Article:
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Waste Watch: Plastic Free July in the Age of COVID-19

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Waste Watch: Plastic Free July in the Age of COVID-19

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Jerri-Lynn Scofield, who has worked as a securities lawyer and a derivatives trader. She is currently writing a book about textile artisans.

Three years ago more or less, I first became aware of and wrote about Plastic Free July in this post, Plastic Free July: What YOU Can Do to Reduce Plastics Waste.

Since that time, lots has happened – especially in the last several months- as we all are well aware.

Yet the plastic problem has if anything worsened, as we all try to dodge COVID-19 . Some seek to do so by shrink-wrapping anything we admit to our households- a trend I expect will only worsen. Markets or free for all selection of fruit and veg – as opposed to prepackaged, plastic-swathed alternatives – are a thing of the past, at least in much of the world. But that plastic waste has to go somewhere, and alas, much of it will end up in the world’s oceans.

And although I’ve written often and at length about the fallacy of chasing the recycling fairy alone for a comprehensive plastic solution, I concede recycling does not solve but does somewhat mitigate the plastic problem. But the COVID-10 pandemic has overwhelmed those miniscule remaining efforts, due to communities abandoning recycling as they, too, try most immediately to cope with COVID-19 (see Rubbish Is Piling Up and Recycling Has Stalled – Waste Systems Must Adapt).

So, to distract yourself from the COVID-19 obsession – and I admit I too, NEED this distraction. Indeed, any distraction! – think about committing to a plastic free July.

There are steps we all can take to leave a little less plastic behind.  These include, per the Plastic Free July website: eschewing  takeaway cups; finding plastic free alternatives to the wrapping of fruit and veg; carrying reusable non-plastic bags; refusing straws;  not grabbing those plastic water botttles; avoiding plastic at the bakery and butchery counters.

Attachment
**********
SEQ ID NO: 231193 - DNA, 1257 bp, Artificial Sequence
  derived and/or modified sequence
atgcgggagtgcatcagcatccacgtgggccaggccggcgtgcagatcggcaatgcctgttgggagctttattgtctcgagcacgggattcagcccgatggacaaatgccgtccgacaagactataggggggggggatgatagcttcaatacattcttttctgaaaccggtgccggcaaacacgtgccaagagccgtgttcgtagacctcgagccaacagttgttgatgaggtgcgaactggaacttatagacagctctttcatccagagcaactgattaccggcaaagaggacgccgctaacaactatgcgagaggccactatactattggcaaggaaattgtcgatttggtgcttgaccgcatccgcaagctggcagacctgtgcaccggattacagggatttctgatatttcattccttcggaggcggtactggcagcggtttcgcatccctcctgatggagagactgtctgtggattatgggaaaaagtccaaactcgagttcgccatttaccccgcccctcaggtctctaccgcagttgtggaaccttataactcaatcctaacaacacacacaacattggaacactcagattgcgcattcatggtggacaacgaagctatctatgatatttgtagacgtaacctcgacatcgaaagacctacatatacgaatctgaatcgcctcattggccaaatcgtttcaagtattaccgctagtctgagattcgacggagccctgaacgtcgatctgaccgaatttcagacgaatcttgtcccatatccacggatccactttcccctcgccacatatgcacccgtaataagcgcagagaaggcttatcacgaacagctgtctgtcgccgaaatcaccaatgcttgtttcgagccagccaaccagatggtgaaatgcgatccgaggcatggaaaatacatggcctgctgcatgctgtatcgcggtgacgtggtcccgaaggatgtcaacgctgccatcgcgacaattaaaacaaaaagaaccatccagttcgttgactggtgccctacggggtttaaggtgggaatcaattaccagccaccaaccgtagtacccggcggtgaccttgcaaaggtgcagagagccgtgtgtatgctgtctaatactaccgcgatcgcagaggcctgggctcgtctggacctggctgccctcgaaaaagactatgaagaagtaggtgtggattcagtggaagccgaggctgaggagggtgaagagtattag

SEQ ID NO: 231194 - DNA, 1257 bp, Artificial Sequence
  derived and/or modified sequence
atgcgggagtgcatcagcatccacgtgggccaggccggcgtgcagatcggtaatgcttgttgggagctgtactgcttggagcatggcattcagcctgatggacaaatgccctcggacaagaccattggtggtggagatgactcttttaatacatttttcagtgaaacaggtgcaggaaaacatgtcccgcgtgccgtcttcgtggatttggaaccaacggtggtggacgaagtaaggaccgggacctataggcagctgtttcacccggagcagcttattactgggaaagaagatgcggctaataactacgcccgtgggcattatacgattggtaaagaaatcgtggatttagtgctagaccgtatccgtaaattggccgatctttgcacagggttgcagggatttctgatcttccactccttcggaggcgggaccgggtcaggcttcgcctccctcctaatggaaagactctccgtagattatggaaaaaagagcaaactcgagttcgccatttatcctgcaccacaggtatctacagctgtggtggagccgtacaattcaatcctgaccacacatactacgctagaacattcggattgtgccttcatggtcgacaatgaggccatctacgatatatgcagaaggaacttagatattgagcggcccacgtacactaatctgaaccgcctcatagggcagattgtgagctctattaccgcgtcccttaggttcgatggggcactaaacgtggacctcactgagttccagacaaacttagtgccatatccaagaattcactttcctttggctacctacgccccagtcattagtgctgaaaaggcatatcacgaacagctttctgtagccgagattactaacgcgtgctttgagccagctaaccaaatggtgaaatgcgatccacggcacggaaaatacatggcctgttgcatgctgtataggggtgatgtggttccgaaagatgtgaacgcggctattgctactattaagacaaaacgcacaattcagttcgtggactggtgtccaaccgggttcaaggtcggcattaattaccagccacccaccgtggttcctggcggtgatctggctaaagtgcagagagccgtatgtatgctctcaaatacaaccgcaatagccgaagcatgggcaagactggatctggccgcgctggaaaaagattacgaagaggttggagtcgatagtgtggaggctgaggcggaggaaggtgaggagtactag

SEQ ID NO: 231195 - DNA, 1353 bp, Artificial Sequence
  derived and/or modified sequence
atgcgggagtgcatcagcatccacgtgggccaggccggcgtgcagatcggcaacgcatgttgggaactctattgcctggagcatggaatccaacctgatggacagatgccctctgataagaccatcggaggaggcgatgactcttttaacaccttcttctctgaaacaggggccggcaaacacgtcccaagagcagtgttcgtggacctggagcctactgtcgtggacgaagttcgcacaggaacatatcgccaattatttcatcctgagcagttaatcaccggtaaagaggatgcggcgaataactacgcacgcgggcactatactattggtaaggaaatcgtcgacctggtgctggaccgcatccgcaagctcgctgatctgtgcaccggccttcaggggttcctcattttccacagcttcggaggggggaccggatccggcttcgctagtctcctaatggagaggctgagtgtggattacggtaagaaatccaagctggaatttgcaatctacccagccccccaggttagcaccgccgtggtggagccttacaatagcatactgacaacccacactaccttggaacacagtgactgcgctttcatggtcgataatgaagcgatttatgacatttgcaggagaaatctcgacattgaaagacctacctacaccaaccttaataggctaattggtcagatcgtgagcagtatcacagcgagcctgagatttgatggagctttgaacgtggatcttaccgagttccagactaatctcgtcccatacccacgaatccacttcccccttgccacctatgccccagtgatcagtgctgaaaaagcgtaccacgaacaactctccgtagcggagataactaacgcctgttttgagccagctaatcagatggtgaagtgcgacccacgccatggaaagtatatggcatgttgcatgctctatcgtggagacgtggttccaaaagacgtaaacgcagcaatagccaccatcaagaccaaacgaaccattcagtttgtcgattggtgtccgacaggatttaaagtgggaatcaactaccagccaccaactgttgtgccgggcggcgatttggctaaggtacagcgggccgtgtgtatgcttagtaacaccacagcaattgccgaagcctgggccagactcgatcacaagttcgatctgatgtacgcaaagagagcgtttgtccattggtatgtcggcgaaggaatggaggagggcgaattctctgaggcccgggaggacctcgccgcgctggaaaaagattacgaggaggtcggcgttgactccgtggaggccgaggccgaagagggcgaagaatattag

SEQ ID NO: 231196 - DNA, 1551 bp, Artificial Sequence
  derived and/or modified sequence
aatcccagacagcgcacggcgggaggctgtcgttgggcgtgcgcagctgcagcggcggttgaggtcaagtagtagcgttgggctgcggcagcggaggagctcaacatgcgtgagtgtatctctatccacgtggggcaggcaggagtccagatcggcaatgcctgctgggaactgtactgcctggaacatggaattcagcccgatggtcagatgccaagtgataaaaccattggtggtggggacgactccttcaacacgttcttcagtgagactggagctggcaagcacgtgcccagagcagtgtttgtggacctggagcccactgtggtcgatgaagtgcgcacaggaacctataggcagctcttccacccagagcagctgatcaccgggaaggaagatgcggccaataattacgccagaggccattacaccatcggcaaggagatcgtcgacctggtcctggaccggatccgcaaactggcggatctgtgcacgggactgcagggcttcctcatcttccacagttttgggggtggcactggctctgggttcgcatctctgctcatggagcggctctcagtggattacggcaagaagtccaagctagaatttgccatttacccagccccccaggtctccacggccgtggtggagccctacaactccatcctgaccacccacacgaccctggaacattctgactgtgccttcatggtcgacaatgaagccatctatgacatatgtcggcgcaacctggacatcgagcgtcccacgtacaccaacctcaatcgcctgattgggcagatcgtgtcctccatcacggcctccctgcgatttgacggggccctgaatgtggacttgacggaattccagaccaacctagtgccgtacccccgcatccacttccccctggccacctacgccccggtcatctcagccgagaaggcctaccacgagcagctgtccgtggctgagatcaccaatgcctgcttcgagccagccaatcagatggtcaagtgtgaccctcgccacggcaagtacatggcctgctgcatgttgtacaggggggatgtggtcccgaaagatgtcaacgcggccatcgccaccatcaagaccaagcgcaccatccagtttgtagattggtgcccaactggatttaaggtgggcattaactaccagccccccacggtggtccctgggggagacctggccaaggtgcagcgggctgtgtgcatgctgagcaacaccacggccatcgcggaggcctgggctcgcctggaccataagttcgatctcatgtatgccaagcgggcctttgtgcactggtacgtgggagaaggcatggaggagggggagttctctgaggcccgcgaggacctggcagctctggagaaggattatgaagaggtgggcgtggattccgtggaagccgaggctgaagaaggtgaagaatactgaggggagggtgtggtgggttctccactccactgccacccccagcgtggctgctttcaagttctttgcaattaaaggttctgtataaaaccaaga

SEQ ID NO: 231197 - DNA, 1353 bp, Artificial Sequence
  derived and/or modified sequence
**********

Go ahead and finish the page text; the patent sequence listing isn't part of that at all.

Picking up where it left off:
And perhaps most impprtantly, committing to reduce, reuse. and recycle. I admit. some of these recommendations appear ridiculous – if  not downright quaint – when many of us are still formally locked down  or if not, are ourselves limiting our encounters.  But remember: plastic lasts forever. And we all must hope, COVID-19 does  not.

Now I admit, there’s a bit of a problem in placing the onus on us for a plastic solution, as the Plastic Free July campaign admittedly does:

Plastic Free July is a global movement that helps millions of people be part of the solution to plastic pollution – so we can have cleaner streets, oceans, and beautiful communities. Will you be part of Plastic Free July by choosing to refuse single-use plastics?

The real problem – again as I have written before – is not to produce the crap in the first instance. So imore importantly than reducing one’s personal use woold therefore seem to be to take some political action to pressure the powers that be not to allow the production of plastic in the first instance. Taking action againt the plastic pushers, and reducing production at the source – wold be a much better solution than these meager consumer efforts.

I can dream, can’t I? Back to reality.

Nonetheless, once you’ve dealt with the low-hanging fruit I mention above, there are other steps you can take:. These include: avoiding balloons and using other decorations; buying food in bulk; buying less of it; changing shaving routines to skip disposable razors; using bar soaps rather than the liquid alternatives. avoiding plastics in dental care and other bathroom uses.

But I think these suggestions aren’t radical enough. I’ve trained myself to be aware of – and to avoid – most plastics. I just don’t buy them, or bring them home. That means things made of ‘permanent’ plastic – not the single-use kind. And I choose metal, wood , or paper alternatives. Or sometimes, nothing at all — particularly where excessive, unnecessary packaging is concerned. Now, sometimes alternatives asre admittedly not avalable. And a plastic version slips into my shopping bag. But as a consequence of a mindful choice – and often cafter onsiderable internal debate,

I should mention that the suggestions in that earlier, now three-year old post, for creating a zero waste kit, are still viable. Or at least will be, once we emerge from our hibernation – enmasked I hope, – to engage once again with the world, Permit me to quote from that earlier post about what your personal zero waste kit should contain, to remind us what we should take from that earlier time once we can move forward again:

Her Zero Waste Kit includes:

  • a collapsible coffee cup;
  • a leakproof, stainless steel container with removable dividers;
  • three lightweight veggie bags and a cloth bread bag (all of which it into the stainless steel container;
  • cloth napkins;
  • bamboo chopsticks;
  • stainless steel straws;
  • a wooden spoon and a foldable spork;
  • combination placemat/cutlery holder, which holds all the cutlery and the cloth napkins;
  • a cotton canvas tote bag.

Jerri-Lynn here: What you may choose to put into your kit would, obviously, reflect your needs and preferences. I, for example, would certainly include a Swiss Army Knife or other similar tool in my kit, and I wouldn’t bother with the metal straws (I hate straws).

We can say no to plastic. Even in the face of the COVID-19 pandemic.

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